According to the International Monetary Fund (2019), North America has an estimated gross domestic product (GDP) per capita of US$53,220, making it the second-richest continent in the world, after Oceania. The continent’s economy is largely dominated by the United States (US), Canada, and Mexico.
The United States has the largest economy in North America, as well as the world. The economy of North America has well-defined and structured economic or trade blocs, namely the North American Free Trade Agreement (NAFTA), the Caribbean Community (CARICOM), and the Central American Common Market (CACM). However, despite the existence of numerous free trade relations, some countries still have weak economies and suffer from significant levels of unemployment and poverty. The poorest countries in North America by GDP per capita are listed below.
The Five Poorest Countries in North America
Haiti is the poorest country in North America with a per capita GDP of US$856.79. The country's poor economy is the result of political instability, poverty, corruption, a lack of health care, poor infrastructure, and lack of quality education. Additionally, due to high rates of unemployment, many Haitians have been forced to flee their country. In 2010, Haiti ranked 145 out of 182 countries in the United Nations (UN) Human Development Index (HDI), with over half of the population lacking at least three of the index’s poverty measures.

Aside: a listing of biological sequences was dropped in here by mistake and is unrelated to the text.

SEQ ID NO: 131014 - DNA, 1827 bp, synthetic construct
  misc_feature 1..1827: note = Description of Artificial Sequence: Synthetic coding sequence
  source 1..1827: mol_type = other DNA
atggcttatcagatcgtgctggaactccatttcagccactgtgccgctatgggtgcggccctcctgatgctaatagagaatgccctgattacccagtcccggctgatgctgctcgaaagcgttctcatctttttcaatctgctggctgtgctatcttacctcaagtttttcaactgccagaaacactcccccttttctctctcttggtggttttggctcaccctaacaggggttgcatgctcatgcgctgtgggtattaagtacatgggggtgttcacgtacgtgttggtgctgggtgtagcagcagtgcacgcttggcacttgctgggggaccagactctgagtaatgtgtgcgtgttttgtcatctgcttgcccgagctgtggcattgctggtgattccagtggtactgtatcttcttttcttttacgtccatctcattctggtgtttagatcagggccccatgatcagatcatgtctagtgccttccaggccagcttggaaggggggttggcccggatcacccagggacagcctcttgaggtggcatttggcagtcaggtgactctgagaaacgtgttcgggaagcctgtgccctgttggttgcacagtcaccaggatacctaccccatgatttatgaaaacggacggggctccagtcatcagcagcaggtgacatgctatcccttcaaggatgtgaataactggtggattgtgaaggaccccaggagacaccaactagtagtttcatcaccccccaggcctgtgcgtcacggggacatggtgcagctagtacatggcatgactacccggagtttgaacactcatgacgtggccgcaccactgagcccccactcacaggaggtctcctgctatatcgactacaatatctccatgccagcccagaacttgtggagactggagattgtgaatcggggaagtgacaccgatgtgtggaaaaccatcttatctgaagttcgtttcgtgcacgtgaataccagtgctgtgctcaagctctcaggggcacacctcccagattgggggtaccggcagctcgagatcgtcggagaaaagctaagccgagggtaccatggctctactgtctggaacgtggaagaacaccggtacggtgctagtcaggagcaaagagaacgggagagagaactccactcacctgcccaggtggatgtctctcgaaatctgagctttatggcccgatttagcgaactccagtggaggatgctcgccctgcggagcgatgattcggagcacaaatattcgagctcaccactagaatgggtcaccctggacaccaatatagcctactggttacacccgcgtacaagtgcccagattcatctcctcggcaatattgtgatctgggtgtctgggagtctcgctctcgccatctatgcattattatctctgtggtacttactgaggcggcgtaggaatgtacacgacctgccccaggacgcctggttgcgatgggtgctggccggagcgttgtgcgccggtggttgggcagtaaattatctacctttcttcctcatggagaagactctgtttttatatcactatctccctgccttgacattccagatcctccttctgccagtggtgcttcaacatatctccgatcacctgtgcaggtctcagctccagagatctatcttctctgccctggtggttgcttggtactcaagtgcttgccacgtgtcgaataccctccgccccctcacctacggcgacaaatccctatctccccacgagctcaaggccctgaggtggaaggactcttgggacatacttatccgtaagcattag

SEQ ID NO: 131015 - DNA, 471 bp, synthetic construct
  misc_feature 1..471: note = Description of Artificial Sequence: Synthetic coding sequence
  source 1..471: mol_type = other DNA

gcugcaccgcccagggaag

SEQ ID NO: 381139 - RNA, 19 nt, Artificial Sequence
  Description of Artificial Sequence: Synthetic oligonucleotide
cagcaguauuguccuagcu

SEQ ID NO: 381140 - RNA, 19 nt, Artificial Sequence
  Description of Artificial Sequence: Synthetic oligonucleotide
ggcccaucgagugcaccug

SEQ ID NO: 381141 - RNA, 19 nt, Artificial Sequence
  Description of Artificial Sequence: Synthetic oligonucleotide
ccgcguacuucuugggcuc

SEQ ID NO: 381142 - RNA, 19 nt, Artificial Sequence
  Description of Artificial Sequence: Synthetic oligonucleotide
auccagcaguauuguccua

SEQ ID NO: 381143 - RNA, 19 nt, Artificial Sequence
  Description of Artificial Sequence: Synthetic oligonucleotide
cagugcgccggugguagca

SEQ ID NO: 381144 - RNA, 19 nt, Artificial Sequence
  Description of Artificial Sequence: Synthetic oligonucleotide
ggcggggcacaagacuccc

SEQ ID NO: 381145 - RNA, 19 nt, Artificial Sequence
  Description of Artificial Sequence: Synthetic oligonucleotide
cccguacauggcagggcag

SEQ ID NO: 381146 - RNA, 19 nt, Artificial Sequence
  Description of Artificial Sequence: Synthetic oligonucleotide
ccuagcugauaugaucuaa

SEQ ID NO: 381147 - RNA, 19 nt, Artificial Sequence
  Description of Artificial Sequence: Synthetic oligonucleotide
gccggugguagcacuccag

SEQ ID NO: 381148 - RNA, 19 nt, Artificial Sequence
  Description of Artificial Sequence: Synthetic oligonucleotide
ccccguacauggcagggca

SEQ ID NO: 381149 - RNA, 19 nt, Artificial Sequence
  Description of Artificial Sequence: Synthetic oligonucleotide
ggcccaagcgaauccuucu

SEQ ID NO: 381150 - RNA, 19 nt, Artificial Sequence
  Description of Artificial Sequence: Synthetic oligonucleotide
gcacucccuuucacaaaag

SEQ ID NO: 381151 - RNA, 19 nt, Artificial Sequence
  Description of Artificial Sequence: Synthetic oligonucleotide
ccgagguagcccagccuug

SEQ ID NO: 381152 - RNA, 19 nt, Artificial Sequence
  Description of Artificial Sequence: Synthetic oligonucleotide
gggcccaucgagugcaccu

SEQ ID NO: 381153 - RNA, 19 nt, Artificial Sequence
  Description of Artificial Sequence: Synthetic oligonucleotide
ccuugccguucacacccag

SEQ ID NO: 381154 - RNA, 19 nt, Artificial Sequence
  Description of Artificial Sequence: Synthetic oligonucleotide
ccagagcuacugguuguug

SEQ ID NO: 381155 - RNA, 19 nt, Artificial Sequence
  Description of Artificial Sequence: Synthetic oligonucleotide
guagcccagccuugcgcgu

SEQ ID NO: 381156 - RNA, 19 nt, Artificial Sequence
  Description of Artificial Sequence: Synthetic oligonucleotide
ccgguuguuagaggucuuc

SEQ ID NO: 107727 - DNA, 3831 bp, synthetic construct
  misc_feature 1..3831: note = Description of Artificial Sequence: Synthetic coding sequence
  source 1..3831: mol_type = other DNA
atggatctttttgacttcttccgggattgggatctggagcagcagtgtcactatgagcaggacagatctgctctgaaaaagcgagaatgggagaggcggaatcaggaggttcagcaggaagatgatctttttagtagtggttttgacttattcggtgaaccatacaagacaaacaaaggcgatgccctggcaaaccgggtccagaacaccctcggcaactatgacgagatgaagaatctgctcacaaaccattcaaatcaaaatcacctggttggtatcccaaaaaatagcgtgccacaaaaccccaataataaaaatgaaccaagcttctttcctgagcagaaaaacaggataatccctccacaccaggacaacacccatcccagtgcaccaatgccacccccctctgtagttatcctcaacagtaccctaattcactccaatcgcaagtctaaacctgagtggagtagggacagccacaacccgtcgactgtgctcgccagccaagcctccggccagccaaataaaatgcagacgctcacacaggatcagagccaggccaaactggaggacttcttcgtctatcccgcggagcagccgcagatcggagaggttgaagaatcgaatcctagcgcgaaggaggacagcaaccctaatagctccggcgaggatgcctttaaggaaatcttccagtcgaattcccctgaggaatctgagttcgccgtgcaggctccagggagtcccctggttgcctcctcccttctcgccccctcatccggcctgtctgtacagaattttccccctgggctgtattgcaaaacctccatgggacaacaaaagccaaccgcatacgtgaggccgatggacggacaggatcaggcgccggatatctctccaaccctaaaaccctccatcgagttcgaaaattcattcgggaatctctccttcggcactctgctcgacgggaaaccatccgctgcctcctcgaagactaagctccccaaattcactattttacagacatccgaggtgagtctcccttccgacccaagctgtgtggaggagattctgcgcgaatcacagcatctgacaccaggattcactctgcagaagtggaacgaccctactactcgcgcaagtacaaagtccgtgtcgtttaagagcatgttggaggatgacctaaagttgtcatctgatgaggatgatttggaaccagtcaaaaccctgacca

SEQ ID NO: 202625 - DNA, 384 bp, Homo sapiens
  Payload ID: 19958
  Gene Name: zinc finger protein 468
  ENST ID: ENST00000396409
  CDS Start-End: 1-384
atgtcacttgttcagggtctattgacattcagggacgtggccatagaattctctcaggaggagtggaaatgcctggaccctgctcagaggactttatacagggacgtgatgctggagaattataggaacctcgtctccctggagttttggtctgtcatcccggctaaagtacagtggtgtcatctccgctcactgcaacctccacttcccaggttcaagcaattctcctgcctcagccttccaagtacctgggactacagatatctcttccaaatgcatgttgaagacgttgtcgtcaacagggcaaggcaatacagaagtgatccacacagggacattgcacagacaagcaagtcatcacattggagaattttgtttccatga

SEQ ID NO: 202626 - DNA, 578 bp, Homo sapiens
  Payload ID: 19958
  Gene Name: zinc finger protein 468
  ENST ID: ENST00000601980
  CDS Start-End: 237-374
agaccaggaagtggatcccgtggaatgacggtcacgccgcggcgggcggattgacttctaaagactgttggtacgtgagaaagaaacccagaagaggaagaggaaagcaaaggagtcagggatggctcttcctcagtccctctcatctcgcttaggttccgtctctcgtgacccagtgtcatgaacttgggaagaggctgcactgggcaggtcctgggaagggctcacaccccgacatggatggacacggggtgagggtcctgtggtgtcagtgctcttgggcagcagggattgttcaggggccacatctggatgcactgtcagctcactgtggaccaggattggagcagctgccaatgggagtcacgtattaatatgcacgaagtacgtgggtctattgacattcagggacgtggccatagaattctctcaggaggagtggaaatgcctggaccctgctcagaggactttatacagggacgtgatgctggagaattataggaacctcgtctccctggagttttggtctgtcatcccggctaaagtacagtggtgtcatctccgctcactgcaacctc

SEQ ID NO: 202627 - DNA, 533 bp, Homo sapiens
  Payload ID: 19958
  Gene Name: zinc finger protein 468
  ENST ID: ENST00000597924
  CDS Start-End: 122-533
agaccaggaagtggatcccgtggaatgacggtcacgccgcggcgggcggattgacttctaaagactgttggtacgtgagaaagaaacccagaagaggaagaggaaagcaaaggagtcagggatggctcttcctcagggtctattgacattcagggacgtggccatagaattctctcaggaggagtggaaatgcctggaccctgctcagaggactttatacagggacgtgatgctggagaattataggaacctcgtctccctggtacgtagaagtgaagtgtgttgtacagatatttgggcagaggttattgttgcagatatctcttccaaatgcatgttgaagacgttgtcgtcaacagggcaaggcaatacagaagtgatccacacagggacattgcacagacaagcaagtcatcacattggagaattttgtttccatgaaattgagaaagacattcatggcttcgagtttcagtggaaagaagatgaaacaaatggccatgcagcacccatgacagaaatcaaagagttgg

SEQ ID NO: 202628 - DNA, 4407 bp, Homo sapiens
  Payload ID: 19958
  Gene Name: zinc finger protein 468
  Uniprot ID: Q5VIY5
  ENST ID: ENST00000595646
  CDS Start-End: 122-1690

Jamaica is the second-poorest country in North America with a per capita GDP of US$5,393. The country’s economy grew steadily after independence until early 1980, after which it stagnated primarily due to a decrease in the price of bauxite and unsteady prices in the agricultural market. Like most of its Caribbean neighbors, Jamaica’s economy is vulnerable to natural disasters such as flooding, climate change, and hurricanes.
Saint Vincent and the Grenadines
Saint Vincent and the Grenadines is one of the smallest countries in the world, with a total area of approximately 150 sq mi. The island country is the third poorest country in North America, with a GDP per capita of US$7,490.54 in 2018. The economy is dominated by agriculture, particularly banana production, however this over-dependence on a single crop is the country’s biggest obstacle for development. The islands are also vulnerable to storms and other natural disasters.
The Dominican Republic had a GDP per capita of US$7,880.55 in 2018, ranking as North America’s fourth-poorest country. With an area of approximately 18,792 sq mi, the Dominican Republic is the Caribbean’s second-largest nation, after Cuba. However, despite being one of the poorest countries in North America, it is among the richest in the Caribbean. It also has one of the fastest-growing economies in the Americas, and has the second-largest gold mine in the world.
Saint Lucia is categorized by the United Nations as a Small Island Developing State (SIDS), with its service industry accounting for about 83% of the country's GDP. However, with a GDP per capita of US$10,610.27, the country ranks as the fifth-poorest in North America. Its economy primarily relies on bananas and revenue generated from tourism. Although Saint Lucia has been dependent on the banana crop for development since the 1960s, the industry is now threatened by competition from other Latin America banana producers.
What Is GDP Per Capita?
Gross domestic product (GDP) per capita is a measure of the economic output of a country that accounts for its population. It is the country’s GDP divided by its total population. GDP per capita is considered a good measurement of the standard of living in a country, and is an indicator of the average prosperity of its citizens.